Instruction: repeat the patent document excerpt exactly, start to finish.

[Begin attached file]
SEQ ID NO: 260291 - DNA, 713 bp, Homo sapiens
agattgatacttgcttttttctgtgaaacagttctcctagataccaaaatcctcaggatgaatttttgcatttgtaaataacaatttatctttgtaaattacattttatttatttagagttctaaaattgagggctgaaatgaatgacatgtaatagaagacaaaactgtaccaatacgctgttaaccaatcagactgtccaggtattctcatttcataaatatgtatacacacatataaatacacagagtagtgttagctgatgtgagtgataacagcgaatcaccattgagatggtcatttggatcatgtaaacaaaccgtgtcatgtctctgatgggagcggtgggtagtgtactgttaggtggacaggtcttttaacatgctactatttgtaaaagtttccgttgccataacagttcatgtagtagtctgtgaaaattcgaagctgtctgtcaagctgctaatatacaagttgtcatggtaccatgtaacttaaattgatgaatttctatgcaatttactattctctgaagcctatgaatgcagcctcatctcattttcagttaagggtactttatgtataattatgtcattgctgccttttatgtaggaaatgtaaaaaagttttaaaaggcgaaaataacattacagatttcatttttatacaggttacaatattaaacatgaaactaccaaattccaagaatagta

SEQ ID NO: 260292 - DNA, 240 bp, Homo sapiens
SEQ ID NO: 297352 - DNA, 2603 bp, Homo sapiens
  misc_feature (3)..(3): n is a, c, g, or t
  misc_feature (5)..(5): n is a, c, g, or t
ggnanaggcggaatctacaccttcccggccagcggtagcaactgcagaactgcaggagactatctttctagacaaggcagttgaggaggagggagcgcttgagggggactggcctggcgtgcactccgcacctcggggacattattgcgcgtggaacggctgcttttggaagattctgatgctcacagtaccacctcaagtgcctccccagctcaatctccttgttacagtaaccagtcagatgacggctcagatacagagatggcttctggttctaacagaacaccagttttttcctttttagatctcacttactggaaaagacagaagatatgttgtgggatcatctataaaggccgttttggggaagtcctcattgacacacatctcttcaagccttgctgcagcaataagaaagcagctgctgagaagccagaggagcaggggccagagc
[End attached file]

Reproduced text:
SEQ ID NO: 260291 - DNA, 713 bp, Homo sapiens
agattgatacttgcttttttctgtgaaacagttctcctagataccaaaatcctcaggatgaatttttgcatttgtaaataacaatttatctttgtaaattacattttatttatttagagttctaaaattgagggctgaaatgaatgacatgtaatagaagacaaaactgtaccaatacgctgttaaccaatcagactgtccaggtattctcatttcataaatatgtatacacacatataaatacacagagtagtgttagctgatgtgagtgataacagcgaatcaccattgagatggtcatttggatcatgtaaacaaaccgtgtcatgtctctgatgggagcggtgggtagtgtactgttaggtggacaggtcttttaacatgctactatttgtaaaagtttccgttgccataacagttcatgtagtagtctgtgaaaattcgaagctgtctgtcaagctgctaatatacaagttgtcatggtaccatgtaacttaaattgatgaatttctatgcaatttactattctctgaagcctatgaatgcagcctcatctcattttcagttaagggtactttatgtataattatgtcattgctgccttttatgtaggaaatgtaaaaaagttttaaaaggcgaaaataacattacagatttcatttttatacaggttacaatattaaacatgaaactaccaaattccaagaatagta

SEQ ID NO: 260292 - DNA, 240 bp, Homo sapiens
SEQ ID NO: 297352 - DNA, 2603 bp, Homo sapiens
  misc_feature (3)..(3): n is a, c, g, or t
  misc_feature (5)..(5): n is a, c, g, or t
ggnanaggcggaatctacaccttcccggccagcggtagcaactgcagaactgcaggagactatctttctagacaaggcagttgaggaggagggagcgcttgagggggactggcctggcgtgcactccgcacctcggggacattattgcgcgtggaacggctgcttttggaagattctgatgctcacagtaccacctcaagtgcctccccagctcaatctccttgttacagtaaccagtcagatgacggctcagatacagagatggcttctggttctaacagaacaccagttttttcctttttagatctcacttactggaaaagacagaagatatgttgtgggatcatctataaaggccgttttggggaagtcctcattgacacacatctcttcaagccttgctgcagcaataagaaagcagctgctgagaagccagaggagcaggggccagagc